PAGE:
This is just a small sample size of your impact. However, in a day where it seems so easy to critique from afar as all three of you have been so often, I wanted to say thank you. Thank you for being honest. Thank you for asking questions. Thank you for your deconstruction and construction.

I’m one of many that have needed to hear it.

 

About The Son of God


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  You might have heard that there is a movie called Son of God. It’s being released February 28.

 

 It’s a movie about Jesus and you know who is excited? 

 

 Pastors Rick Warren, Joel Osteen, Craig Goeschel, Miles Mcpherson, and Ray Johnston. Also, Archbishop Jose Gomez is too!

 

They are so excited that they have decided that on February 27, the day before opening night, to take over multiplex theatres in their city. The purpose is that they will be distributing tickets for people to see it. How many? Glad you asked. 

 

According to an article written on the Christian Post, here are some numbers for you.

 

  • Joel Osteen (Lakewood Church) – Houston, Texas – Distributing 8,000 tickets from an anonymous donor
  • Craig Groeschel (LifeChurch) – Oklahoma City and Tulsa, Oklahoma – 18 Campuses. Weekly attendance of 60,000 and Bible application with over 100 million downloads
  • Archbishop José Gomez (Archdiocese of Los Angeles) – Over 4 million members
  • Miles McPherson (Rock Church) – San Diego, Calif. – Weekly attendance of over 10,000
  • Unpolished Entrepreneurs Group (Crossroads Church) – Cincinnati, Ohio – Weekly attendance of over 10,000
  • Jerry Falwell, Jr. (Liberty University) – Lynchburg, Va. – Over 12,000 students
  • Ray Johnston (Bayside Church) – Sacramento – Weekly attendance of over 10,000

 

It is interesting to note that Crossroads Church have estimated that booking a one night event cost $33,600. If we use this number and we multiply it by 7 churches involved in booking these Multiplex Theatres here is the total.

$235,200. This would be for one night of booking. $235,200

 

 It’s interesting to think about that number. Then it is interesting to think about how many people walking or driving to see this movie, will go by some of the “least of thees” that the Son of God talks about.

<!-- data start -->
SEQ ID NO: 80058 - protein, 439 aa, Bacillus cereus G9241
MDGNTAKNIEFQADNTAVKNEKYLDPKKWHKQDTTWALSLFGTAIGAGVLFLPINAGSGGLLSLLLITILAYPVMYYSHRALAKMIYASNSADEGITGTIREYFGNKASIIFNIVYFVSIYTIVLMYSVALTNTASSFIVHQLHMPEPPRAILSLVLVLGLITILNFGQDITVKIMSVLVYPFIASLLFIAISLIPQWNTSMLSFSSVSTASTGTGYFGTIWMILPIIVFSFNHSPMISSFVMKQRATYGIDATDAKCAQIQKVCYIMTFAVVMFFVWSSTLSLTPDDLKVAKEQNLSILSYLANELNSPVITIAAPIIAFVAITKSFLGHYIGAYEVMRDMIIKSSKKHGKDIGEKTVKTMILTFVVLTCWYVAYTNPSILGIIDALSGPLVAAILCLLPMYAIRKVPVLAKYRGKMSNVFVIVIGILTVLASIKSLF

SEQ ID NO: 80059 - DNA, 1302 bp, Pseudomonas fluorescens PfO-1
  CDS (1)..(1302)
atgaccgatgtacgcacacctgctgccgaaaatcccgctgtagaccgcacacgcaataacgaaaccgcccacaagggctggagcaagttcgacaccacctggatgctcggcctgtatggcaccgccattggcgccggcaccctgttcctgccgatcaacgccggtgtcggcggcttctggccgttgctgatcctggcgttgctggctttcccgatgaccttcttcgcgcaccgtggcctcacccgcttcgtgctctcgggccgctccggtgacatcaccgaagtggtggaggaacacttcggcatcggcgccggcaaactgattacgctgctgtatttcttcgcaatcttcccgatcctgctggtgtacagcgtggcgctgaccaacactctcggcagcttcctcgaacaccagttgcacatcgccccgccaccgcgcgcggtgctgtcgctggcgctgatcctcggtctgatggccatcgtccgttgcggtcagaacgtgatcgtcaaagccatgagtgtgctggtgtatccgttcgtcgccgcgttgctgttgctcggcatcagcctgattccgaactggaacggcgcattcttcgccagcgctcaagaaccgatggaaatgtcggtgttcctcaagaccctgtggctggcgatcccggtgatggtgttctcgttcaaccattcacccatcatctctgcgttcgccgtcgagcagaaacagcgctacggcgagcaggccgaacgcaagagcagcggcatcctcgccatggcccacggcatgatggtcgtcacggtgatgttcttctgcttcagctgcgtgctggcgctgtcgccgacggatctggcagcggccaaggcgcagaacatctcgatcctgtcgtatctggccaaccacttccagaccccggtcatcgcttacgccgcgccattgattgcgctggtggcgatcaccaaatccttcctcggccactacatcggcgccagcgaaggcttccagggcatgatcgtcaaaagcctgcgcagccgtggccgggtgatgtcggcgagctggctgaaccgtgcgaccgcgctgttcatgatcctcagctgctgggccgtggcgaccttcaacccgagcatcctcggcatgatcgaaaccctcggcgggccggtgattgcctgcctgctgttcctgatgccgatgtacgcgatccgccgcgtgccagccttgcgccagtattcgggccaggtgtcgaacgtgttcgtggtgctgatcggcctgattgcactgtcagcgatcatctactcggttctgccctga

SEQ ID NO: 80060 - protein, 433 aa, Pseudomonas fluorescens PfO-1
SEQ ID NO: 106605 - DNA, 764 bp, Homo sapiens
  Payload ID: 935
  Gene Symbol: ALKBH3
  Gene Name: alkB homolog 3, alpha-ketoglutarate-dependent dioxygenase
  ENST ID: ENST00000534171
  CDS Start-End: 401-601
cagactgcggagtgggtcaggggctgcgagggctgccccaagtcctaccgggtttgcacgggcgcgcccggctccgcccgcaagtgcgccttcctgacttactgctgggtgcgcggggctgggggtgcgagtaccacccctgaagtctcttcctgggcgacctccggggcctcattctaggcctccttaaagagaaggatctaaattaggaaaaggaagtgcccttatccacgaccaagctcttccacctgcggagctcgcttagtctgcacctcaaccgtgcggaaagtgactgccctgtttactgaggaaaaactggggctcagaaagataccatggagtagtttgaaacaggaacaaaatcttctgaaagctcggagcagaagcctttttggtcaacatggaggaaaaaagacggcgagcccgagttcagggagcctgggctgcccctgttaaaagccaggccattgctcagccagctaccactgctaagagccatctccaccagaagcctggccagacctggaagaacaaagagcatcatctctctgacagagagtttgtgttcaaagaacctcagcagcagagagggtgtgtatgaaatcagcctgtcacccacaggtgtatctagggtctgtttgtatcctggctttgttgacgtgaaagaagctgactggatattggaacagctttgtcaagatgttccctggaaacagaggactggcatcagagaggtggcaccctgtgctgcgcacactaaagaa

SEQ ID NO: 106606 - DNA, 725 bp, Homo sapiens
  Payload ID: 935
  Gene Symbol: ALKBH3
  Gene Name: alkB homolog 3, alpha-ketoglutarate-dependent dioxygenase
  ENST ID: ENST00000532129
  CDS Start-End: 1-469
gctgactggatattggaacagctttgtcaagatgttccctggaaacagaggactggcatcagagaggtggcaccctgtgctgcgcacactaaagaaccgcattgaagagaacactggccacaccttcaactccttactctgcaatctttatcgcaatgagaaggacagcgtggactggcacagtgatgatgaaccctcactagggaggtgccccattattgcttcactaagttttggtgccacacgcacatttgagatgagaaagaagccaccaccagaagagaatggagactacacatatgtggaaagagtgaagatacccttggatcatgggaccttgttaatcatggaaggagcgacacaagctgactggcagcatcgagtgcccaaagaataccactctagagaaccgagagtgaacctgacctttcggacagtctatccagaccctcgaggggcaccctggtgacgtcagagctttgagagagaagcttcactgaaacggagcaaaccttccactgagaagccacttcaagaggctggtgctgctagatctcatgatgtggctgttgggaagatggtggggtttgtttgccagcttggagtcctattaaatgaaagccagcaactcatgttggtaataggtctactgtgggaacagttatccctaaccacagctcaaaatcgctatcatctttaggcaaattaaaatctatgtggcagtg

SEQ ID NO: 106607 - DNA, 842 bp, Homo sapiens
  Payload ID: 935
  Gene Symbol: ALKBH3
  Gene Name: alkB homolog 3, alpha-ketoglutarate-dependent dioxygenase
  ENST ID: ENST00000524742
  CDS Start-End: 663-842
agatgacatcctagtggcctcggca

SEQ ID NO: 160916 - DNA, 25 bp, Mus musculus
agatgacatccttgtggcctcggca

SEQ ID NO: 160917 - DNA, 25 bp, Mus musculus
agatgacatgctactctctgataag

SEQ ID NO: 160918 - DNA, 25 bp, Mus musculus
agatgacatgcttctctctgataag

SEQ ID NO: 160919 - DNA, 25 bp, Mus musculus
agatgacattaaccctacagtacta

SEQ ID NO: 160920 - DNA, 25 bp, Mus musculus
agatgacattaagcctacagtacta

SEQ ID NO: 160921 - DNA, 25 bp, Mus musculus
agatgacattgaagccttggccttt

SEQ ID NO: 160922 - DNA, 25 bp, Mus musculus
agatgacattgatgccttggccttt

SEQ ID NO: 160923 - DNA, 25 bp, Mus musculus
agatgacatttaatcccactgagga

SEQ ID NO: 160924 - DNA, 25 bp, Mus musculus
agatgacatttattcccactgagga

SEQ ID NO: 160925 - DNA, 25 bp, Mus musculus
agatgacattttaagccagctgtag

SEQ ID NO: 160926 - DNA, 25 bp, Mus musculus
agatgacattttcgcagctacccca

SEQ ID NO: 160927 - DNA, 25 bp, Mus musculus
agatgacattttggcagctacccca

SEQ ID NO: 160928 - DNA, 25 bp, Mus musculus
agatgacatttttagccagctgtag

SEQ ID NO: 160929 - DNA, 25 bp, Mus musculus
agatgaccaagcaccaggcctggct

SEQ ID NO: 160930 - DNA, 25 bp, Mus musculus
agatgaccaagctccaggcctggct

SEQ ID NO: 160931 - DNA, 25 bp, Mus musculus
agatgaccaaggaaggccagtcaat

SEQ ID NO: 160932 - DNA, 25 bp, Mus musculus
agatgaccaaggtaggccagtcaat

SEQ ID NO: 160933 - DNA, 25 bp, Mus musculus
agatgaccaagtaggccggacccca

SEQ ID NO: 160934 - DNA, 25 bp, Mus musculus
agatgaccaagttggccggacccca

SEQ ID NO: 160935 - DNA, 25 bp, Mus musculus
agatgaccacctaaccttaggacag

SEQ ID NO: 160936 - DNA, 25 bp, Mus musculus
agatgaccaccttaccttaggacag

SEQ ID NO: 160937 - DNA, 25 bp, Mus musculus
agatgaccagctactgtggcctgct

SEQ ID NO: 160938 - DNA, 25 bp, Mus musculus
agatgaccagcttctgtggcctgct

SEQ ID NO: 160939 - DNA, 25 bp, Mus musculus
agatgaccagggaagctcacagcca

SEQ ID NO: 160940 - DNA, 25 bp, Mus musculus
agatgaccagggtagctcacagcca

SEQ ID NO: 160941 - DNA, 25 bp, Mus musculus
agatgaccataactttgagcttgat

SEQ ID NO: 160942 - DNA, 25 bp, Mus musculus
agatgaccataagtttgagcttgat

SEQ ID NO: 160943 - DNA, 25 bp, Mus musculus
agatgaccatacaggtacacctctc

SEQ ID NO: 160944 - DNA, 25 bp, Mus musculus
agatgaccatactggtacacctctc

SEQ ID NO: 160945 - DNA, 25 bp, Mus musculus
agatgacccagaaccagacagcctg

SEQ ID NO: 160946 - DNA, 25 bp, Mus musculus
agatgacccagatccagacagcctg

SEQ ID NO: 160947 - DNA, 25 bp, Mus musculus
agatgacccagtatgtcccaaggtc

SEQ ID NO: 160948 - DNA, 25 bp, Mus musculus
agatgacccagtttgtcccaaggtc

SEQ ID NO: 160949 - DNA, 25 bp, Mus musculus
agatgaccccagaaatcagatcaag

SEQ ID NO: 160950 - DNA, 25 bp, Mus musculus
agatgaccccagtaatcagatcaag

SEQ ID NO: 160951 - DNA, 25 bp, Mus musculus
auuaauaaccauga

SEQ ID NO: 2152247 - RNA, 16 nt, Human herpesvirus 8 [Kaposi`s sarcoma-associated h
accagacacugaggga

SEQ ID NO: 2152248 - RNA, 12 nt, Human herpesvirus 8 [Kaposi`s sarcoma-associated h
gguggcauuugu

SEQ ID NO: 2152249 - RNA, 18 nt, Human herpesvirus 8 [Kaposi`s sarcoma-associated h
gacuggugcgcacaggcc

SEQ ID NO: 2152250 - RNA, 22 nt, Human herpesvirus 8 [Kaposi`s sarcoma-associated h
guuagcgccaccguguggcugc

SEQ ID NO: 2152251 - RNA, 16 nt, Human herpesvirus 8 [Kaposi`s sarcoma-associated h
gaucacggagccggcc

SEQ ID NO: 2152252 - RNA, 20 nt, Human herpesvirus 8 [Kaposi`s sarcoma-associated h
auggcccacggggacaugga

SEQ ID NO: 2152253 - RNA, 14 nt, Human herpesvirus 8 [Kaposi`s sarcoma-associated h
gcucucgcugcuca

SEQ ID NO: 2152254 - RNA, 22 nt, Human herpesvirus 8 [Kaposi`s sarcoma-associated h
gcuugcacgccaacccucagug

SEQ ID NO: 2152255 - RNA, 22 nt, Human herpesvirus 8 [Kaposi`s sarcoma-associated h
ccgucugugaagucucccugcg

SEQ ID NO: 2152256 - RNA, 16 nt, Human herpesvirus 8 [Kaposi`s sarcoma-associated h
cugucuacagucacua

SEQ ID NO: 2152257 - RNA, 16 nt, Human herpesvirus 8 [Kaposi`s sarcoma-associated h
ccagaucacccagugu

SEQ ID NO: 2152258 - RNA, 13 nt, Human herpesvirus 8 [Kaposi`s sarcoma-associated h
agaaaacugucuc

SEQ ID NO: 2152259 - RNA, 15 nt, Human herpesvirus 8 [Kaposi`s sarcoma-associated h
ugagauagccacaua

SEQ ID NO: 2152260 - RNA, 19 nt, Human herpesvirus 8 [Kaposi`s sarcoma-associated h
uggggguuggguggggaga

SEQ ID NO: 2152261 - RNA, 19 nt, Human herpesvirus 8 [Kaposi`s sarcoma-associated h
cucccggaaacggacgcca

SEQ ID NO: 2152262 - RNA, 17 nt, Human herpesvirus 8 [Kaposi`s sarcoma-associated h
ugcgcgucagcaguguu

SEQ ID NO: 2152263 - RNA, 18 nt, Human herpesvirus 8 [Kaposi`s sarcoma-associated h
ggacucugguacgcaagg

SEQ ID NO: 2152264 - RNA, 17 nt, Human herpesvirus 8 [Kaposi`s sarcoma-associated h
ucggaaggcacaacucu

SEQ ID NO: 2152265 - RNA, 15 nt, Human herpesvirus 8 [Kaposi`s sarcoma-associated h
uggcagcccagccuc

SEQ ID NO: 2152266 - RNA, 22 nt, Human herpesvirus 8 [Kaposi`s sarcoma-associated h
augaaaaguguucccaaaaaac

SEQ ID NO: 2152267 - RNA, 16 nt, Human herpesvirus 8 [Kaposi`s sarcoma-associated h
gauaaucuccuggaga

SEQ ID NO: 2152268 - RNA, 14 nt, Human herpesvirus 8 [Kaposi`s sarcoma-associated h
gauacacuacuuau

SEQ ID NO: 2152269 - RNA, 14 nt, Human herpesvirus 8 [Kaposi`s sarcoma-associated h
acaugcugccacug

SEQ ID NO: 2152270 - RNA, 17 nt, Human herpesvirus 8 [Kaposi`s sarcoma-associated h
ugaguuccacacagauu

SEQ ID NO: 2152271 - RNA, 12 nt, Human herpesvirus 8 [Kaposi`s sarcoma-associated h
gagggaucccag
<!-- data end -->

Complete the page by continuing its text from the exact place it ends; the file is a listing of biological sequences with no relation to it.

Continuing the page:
Yesterday, I took some heat and criticism for, well criticizing this idea. Someone suggested that I was “fighting the Body of Christ”.  I’m not trying to fight, I’m trying to bring in a perspective. 

 

Think about this. At the drop of a hat, 10 churches dropped $235,200 for ONE DAY at a theatre. What if this money was used differently? What if instead of spending this money this way, one person took another person for a coffee and had a real conversation about the Son of God. Or, maybe instead of booking a theatre where people can sit and watch a movie, you send people out to places in your community that need support.

 

You might argue that churches already do that. I agree with that. But you know what, I need to say this and it may sound harsh.

 

People are REALLY  tired of the same old,same old approach to the Son of God over and over again.  A picture with a handsome, white Jesus with eyes like stars, and sultry, sexy (oops said sexy) voice. People know who Jesus is, and they know this is not it. And quite frankly, many would question if this  is “What Jesus Would Do”.

 

Sometimes I think some Christians think Non-Christians can’t read.

 

People know about the Son of God They also know the stories. They know the story about feeding the 5,000 with 5 loaves and two fish. They also remember the story about Jesus turning the tables in the temple. Calling out “The house of God has been turned into a den of thieves!”

 

Based on that, some might wonder if spending $245,000 for a one night bash is really something Jesus would endorse.

 

They also know who the Son of God was. The type of person He was. They know He was genuine. They know He was approachable. They know He was sincere. They know He was willing to talk. Really talk.

And they don’t see the slick advertising, smooth talking, sharp dressing, events something that the Son of God would be a part of.

 

Others may wonder if some churches combined in their efforts of $235, 200 for more than a one night event, what a positive impact that can REALLY  be to communities in need. They imagine if for a moment how that can help some of the really needy in their own community. Spending $235,200 may lead to cynically ask what the churches real motivation is? And the current conclusions in peoples heads are not very flattering.

 

It’s tiring and it what is turning people off from main stream Christianity. Non-believers and frankly believers alike. They are tired of the fear mongering, superior acting Christians. They are tired of the bombarding of Multiplexes, spontaneous baptism, colouring books,and snake biting pastors. They are tired of the circus act.

 

They just want a real conversation about the Son of God. And they want the representatives to simply act like Him.

Can’t we just give them that?